US universities Princeton and Stanford claim to have developed ad blocking software that they claim can filter out even those ads which were previously unblockable.
The researchers started work last summer, developing a browser extension that is able to detect native ads on Facebook, something which has tripped up the likes of Adblock Plus. It works by examining the content of posts, rather than just the HTML markup, which can be obfuscated – “the same way a human would,” said researcher Arvind Narayanan.
The latest development, as outlined in a newly-published paper, is able to circumvent the anti-ad blocking measures that have recently been adopted by many publishers.
This uses what the researchers refer to ‘stealth’, using the extension “to convincingly lie to the web page script about the very existence of the ad blocker”. If this fails, they have also identified ways of detecting and blocking the scripts that detect ad blockers.
In a test, its proof-of-concept code reportedly managed to block ads on 50 out of 50 websites using anti-ad blocking scripts.
The researchers believe this could end the looping ‘arms race’ between ad blockers and publishers, that has been steadily escalating over the past few years.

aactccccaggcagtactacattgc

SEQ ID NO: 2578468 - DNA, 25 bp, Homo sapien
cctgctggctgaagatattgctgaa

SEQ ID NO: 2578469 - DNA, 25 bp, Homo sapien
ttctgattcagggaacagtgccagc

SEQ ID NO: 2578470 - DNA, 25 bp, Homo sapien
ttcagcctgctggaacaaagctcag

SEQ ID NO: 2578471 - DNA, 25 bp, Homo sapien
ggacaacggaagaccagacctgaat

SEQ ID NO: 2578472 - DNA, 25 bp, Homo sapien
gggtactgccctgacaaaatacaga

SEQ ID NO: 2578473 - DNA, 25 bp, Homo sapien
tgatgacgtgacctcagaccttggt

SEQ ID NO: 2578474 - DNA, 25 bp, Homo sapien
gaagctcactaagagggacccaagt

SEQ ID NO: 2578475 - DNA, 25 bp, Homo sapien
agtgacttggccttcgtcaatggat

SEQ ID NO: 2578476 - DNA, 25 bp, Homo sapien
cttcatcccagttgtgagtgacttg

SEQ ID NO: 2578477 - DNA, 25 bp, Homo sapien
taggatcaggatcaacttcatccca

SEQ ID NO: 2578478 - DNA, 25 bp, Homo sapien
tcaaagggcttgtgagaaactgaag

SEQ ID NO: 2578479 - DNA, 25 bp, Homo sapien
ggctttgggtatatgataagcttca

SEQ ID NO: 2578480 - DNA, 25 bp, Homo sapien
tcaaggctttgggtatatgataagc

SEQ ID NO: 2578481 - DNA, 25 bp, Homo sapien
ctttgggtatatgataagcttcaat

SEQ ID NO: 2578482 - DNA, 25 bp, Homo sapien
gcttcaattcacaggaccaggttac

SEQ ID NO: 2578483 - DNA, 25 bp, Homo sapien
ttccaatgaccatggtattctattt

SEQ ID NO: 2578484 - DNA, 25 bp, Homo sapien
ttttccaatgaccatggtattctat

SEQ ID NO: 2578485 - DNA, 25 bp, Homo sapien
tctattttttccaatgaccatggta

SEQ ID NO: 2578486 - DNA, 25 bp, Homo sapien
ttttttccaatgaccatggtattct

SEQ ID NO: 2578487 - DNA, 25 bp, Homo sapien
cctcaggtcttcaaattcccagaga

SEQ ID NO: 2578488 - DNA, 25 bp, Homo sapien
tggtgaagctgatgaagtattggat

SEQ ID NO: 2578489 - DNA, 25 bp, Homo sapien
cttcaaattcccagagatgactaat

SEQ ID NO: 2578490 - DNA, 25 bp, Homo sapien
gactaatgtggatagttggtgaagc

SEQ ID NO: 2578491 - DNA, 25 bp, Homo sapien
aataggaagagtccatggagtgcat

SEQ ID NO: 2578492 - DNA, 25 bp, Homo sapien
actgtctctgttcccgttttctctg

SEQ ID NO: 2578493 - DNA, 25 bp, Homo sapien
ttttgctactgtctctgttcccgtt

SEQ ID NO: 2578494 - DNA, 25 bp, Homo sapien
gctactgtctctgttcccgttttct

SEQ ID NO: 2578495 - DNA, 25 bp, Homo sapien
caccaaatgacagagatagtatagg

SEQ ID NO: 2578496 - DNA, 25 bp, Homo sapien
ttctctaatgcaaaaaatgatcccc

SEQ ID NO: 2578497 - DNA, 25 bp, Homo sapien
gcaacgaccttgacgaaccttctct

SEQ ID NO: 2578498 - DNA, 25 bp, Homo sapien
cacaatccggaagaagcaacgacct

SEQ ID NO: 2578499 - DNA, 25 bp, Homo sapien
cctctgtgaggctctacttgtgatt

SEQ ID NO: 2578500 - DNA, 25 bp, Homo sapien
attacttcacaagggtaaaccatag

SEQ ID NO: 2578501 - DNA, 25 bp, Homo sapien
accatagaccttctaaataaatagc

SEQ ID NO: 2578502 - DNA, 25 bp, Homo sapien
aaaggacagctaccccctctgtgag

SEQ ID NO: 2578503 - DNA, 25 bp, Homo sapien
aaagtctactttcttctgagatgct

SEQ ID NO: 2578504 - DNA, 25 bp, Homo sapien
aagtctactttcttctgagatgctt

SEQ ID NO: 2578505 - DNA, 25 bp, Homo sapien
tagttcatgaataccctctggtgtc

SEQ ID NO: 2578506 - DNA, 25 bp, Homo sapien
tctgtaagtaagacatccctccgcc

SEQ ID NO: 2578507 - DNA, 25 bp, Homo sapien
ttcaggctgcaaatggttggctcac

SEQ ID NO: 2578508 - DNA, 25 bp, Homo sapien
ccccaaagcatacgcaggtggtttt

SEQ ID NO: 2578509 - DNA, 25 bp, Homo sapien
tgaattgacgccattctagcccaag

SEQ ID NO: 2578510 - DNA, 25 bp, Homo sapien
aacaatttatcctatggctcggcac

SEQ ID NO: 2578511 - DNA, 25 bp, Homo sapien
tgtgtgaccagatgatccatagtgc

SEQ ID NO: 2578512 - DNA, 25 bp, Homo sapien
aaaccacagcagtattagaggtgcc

“We don’t claim to have created an undefeatable ad blocker, but we identify an evolving combination of technical and legal factors that will determine the ‘endgame’ of the arms race,” said Narayanan.
For now, the ad blocker is just a proof-of-concept. Researchers purposefully held back from making it fully functional, according to Narayanan, “to avoid taking sides on the ethics of ad blocking”.
However, as publishers have rallied behind anti-ad block measures since blocking has become a major concern in the past couple of years, these developments are likely to have a major impact on the ad blocking landscape going forward.